Stress is everywhere today especially following a heart problem. It is possible for people to find ways to be resilient and thrive and even grow from the stress that you experience following a heart problem.  The  stress of heart disease can impact both mental and physical health. It is possible to find and create well-being in the midst of all the stress and health challenges you face.


Psychological resilience is an individual’s tendency to cope with stress and adversity. Resiliency is the ability to recover quickly from disruptive change, illness, or misfortune without being overwhelmed or dysfunctional.  This coping may result in the individual “bouncing back” to a previous state of normal functioning, or simply not showing negative effects.  Resilience is most commonly understood as a process, and not a trait of an individual.

It is important to learn and understand how to be resilient to avoid the tendency to struggle through from one crisis to the next, but develop skills to survive and become a stronger person along the way.




 10 Steps to Resilience

Heart disease is frightening you have a choice, a choice to be resilient or defeated.

Tips for Resiliency: Bouncing back

  1. Expect ups and down in your mood. These are normal emotions to experience, if you don’t experience them that could be a problem.  Quiet the voices in your head that are negative. Acknowledge the  negative thought you have, stop thinking negative, give yourself a pep talk and focus on the positives in your world.
  2. Taking control.  Focus on what you have control over. You may not have control over your heart disease, but you do have control on how you manage it. Set your goals to exercise, eat healthy, relax, stop smoking, take your medicines and love those in your life.
  3.  Surround yourself and educate yourself with a good team, Cardiac Rehabilitation programs are great for this. Consider finding a support group or an online forum. Resist the urge to isolate yourself
  4. Consider what you are grateful for such as surviving, stopping smoking, weight loss, improved diet and your relationships. Fifty percent don’t survive their first heart attack. Daily find something at the beginning or end of the day in which you are thankful for.
  5. Keep a journal and keep track of your thoughts and progress.
  6. Think about your character’s greatest strengths.
  7. Find things you love to do. It could be some hobbies or favorite pastime. If you cannot return to these activities, what else is important to you? Who knows your favorite book, movie, inspirational quote,  songs, spiritual beliefs. Share your loves and passions with others.
  8. Stop saying “why me?” and start asking “Why not me? How am I going to handle this?” Many get bogged down in thinking but I did everything right and still had a heart problem. Consider maybe that is why you survived the heart problem.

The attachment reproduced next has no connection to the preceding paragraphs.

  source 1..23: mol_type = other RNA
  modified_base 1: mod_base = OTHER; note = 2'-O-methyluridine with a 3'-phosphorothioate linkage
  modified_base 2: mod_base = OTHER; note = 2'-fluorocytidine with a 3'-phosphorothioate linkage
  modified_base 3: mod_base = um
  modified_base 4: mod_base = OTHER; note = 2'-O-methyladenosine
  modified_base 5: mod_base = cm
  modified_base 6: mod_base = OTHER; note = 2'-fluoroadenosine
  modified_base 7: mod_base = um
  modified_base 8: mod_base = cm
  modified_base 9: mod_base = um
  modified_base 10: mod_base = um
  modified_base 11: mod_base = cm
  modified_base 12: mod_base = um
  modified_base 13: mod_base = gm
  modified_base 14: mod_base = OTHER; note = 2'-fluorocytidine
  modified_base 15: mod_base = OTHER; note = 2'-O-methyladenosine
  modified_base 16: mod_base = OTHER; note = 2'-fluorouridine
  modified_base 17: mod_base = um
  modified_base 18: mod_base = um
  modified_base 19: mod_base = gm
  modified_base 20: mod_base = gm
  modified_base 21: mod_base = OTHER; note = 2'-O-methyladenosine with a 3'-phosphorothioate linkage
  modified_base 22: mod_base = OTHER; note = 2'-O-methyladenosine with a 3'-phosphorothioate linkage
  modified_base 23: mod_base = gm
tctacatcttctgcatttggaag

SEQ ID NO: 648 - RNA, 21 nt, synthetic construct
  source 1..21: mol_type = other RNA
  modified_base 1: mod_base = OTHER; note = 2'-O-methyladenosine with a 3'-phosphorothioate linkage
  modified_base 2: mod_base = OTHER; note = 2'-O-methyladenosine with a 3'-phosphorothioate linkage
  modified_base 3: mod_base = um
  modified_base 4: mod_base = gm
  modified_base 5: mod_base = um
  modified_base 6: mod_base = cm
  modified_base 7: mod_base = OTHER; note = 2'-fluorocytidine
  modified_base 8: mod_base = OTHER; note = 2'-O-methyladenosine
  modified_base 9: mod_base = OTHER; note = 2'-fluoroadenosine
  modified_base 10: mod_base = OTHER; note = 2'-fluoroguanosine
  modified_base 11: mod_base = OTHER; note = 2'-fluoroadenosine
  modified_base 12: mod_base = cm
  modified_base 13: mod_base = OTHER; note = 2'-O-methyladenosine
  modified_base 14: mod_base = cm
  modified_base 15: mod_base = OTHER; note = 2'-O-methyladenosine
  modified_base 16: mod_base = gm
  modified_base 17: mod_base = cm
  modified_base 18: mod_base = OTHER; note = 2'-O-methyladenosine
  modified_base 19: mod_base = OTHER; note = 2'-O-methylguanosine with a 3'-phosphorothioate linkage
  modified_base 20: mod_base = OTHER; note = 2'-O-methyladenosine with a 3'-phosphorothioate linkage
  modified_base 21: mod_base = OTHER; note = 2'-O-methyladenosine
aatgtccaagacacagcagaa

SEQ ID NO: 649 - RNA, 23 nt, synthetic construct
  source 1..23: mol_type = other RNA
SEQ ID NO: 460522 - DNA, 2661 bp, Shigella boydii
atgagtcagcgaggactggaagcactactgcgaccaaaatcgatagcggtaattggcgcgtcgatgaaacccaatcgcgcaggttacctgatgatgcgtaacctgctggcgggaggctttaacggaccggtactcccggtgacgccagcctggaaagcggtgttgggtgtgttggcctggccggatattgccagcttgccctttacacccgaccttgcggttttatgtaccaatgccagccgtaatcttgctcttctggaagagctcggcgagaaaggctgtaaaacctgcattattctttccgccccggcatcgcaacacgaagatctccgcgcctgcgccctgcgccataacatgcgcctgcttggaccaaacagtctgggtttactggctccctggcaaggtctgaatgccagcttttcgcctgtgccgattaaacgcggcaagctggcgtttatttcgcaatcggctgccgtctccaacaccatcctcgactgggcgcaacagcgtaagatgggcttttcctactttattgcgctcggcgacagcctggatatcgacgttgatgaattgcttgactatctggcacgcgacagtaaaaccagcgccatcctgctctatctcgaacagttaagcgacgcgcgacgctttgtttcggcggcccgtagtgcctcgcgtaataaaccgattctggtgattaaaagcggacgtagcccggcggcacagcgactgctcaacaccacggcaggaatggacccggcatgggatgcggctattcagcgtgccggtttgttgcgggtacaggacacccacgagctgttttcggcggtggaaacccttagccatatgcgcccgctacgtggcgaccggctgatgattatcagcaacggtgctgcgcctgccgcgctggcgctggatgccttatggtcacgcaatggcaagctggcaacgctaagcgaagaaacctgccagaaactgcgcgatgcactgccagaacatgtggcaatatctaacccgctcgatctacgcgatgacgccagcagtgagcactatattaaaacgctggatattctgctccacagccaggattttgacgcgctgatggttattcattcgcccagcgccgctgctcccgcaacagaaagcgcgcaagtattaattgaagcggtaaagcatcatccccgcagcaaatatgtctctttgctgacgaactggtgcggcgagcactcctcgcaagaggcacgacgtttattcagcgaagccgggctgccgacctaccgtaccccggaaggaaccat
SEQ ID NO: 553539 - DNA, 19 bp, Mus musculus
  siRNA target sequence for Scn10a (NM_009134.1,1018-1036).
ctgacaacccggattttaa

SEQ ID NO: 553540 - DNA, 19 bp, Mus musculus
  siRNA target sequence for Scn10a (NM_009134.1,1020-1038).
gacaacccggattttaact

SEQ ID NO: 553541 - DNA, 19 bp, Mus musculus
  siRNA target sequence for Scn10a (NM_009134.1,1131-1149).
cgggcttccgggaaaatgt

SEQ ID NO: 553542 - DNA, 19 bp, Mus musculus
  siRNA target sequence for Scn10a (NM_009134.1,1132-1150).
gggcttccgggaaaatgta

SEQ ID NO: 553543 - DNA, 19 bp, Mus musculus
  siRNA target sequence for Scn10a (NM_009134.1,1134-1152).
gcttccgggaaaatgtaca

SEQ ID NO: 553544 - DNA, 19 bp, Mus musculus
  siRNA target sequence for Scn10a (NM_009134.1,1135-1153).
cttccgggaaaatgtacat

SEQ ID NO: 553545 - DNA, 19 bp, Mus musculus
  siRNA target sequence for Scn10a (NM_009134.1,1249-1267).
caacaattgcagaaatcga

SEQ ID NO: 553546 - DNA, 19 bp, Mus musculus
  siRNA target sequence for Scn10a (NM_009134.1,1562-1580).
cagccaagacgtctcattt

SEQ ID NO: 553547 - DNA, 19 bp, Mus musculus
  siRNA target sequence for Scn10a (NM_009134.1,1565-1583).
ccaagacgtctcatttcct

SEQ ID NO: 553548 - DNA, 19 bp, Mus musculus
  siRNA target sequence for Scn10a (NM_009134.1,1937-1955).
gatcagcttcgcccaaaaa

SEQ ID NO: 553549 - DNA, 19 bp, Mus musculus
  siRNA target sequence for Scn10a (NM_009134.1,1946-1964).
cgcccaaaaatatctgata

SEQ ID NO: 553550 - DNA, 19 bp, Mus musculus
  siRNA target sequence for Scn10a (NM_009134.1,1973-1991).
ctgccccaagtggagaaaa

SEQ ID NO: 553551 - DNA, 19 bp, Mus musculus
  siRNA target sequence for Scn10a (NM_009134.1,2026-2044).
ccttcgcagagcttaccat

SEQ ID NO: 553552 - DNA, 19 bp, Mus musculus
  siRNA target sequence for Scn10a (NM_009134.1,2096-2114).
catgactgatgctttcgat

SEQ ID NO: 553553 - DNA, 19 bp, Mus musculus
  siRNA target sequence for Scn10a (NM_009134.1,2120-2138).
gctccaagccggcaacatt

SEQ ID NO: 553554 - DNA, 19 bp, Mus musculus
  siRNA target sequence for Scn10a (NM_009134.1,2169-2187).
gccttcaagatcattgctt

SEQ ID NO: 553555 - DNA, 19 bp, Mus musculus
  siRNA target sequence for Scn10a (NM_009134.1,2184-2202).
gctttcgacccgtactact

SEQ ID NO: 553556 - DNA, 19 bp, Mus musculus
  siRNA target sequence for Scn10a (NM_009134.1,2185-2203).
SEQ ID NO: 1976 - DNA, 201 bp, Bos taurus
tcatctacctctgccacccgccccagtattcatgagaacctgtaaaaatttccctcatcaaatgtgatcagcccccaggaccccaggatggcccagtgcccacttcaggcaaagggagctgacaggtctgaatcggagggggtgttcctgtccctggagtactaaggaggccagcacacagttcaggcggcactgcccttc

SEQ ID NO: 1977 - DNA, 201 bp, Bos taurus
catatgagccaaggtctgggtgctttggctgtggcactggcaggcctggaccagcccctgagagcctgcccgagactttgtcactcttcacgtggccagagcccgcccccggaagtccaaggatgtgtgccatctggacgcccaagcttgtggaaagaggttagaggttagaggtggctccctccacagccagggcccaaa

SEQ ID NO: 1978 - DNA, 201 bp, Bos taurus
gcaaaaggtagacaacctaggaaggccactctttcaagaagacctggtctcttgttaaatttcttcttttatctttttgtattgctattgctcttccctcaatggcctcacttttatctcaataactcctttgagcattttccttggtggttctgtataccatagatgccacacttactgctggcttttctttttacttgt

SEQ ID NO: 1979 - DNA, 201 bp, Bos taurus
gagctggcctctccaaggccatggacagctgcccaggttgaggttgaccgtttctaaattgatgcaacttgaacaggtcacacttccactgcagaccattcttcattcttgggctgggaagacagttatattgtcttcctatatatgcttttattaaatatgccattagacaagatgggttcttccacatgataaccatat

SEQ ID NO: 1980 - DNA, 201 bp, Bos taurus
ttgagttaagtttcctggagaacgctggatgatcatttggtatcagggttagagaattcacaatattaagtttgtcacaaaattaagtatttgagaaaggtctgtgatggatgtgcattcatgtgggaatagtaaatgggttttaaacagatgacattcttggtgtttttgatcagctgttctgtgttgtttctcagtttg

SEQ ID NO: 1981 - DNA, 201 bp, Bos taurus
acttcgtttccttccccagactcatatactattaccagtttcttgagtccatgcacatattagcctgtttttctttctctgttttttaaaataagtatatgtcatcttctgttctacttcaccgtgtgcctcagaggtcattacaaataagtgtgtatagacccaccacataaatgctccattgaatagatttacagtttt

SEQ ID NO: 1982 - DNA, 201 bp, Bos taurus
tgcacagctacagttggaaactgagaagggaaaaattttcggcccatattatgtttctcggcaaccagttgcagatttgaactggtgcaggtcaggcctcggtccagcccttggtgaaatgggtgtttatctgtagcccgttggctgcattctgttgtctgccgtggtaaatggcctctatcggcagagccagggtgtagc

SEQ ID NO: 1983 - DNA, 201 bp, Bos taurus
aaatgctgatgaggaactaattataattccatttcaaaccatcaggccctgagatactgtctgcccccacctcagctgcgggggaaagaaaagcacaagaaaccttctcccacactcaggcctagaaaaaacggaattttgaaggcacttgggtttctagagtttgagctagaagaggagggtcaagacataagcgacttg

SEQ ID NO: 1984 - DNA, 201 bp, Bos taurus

9. Keep your mind occupied. Don’t make time to feel sorry about yourself. Helping others is a great way to boost your resilience. Mentor another who is going through a heart problem.
  10. Forgive, Accept and Adapt. It is easy to get angry and bitter. The best thing you can do to have resilience is to make the decision to forgive and then have the willingness to reinvent yourself. There are many inspirational heart patients out there who have thrived since surviving their heart condition.

For about 20 percent it comes naturally; people are glad to get back into the swing of life pretty quickly, feeling stronger for having weathered the storm. For others, it’s a long, slow slog through the blues until you come out the other side.  Consider counseling if you continue to struggle. Fortunately, everyone can learn how to gain the health benefits of resilience: less stress, lower risk of heart disease, less depression and anxiety. Here are three ways you can strengthen your ability to bounce back:

  •  Cultivate an optimistic outlook, which is a key part of being resilient. Looking on the bright side is enhanced with daily meditation.
  • EXERCISE Keep your body strong  and limber by eating a diet powered by lean protein and lots of veggies, fruits and 100 percent whole grains. When you feel physically strong, your self-esteem increases, another vital part of resilience. Fuel your body with healthy foods avoid junk food, comfort food, alcohol, tobacco.
  • Nurture your social connections. They provide security and love, and help keep emotions on an even keel. Blood pressure goes down; ability to cope goes up. So reach out and touch someone, physically and emotionally. Call a friend, go out, visit your family, talk to others about your experience.

Read more: Secret to Longevity: Resilience


7 thoughts on “Resilience

  1. Pingback: Resilience | heart diseases an heart conditions |

  2. Although my perspective is that of someone living with cancer, the tips are broadly applicable, well thought out and a nice mix of the practical, physical and psychological. Have reblogged to my blog.

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